THE HEART OF ENGLAND.
IT was on a bright Sunday morning in October that I set out from Warwick for Stratford-on-Avon. Autumn was more than half gone; and yet the almost cloudless sky was one of a succession of smiling welcomes which, meeting me in the southern counties, had gone with me to Cambridge and to Oxford, and now followed me into Warwickshire, the heart of England, for so this most midland shire is called.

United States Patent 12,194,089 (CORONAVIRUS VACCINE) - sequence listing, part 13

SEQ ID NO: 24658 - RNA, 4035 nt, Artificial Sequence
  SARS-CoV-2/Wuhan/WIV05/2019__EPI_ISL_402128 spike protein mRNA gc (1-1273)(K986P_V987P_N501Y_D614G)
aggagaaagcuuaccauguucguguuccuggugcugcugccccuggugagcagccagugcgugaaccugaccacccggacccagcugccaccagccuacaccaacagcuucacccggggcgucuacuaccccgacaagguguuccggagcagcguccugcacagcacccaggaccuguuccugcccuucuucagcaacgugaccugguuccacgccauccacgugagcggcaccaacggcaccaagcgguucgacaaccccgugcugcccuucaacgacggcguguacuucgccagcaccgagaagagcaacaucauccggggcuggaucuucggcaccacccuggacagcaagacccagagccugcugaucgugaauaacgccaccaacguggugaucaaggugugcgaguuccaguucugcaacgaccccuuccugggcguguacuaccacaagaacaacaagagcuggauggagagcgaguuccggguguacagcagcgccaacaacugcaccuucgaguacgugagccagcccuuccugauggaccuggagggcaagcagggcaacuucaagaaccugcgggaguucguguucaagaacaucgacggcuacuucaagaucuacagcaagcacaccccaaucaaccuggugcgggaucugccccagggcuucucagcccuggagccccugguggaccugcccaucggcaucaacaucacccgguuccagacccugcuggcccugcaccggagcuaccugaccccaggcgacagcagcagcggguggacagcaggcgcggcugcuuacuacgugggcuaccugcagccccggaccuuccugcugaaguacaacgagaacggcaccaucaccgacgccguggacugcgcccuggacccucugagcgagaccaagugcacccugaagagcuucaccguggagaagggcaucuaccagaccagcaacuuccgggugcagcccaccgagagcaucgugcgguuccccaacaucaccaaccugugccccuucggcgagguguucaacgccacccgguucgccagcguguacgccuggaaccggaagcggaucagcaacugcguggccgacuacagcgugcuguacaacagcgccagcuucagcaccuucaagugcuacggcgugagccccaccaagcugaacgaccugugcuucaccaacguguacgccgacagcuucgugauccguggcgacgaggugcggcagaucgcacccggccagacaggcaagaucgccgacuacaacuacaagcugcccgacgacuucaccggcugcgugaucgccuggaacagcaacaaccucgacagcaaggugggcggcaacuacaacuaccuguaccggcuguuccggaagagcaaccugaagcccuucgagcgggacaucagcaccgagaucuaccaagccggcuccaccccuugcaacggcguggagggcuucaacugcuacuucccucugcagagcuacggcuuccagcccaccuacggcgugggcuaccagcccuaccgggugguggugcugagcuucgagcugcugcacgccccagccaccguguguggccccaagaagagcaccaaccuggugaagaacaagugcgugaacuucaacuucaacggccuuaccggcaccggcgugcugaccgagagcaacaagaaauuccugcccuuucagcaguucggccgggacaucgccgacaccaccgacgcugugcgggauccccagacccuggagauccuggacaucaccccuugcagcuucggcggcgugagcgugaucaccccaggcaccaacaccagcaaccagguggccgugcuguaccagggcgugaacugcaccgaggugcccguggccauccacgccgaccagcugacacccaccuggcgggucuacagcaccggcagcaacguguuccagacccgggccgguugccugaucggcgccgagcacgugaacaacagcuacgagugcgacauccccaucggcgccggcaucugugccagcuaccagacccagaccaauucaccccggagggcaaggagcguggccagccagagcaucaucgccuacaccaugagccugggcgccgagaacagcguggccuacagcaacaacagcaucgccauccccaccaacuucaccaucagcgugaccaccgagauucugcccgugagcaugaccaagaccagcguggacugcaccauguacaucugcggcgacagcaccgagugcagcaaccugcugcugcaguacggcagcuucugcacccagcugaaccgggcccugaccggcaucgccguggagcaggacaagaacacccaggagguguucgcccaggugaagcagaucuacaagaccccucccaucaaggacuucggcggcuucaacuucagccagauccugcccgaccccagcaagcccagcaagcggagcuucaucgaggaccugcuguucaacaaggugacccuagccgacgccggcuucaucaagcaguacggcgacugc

I see that I have just spoken of southern counties and a midland shire. It cannot be strictly said that those two parts of the country are thus distinguished; but although "shire" and "county" are synonyms to a certain extent, there is a difference in their use which is in a certain degree distinctive. Although shire is the older and the truly English word, all the shires are counties, but all the counties are not shires. Kent, Sussex, Essex, Surrey, Norfolk, and Suffolk are not called shires; and their people speak of going to or coming from "the shires", meaning the ??est of England. I observed evidences of some little local pride in these people who "did not belong to the shires." Whence is the origin of this pride I do not certainly know; but I am inclined to think that it has two causes quite unsuspected by the people who have it, the feeling being traditional, while the facts from which it sprung are long forgotten. These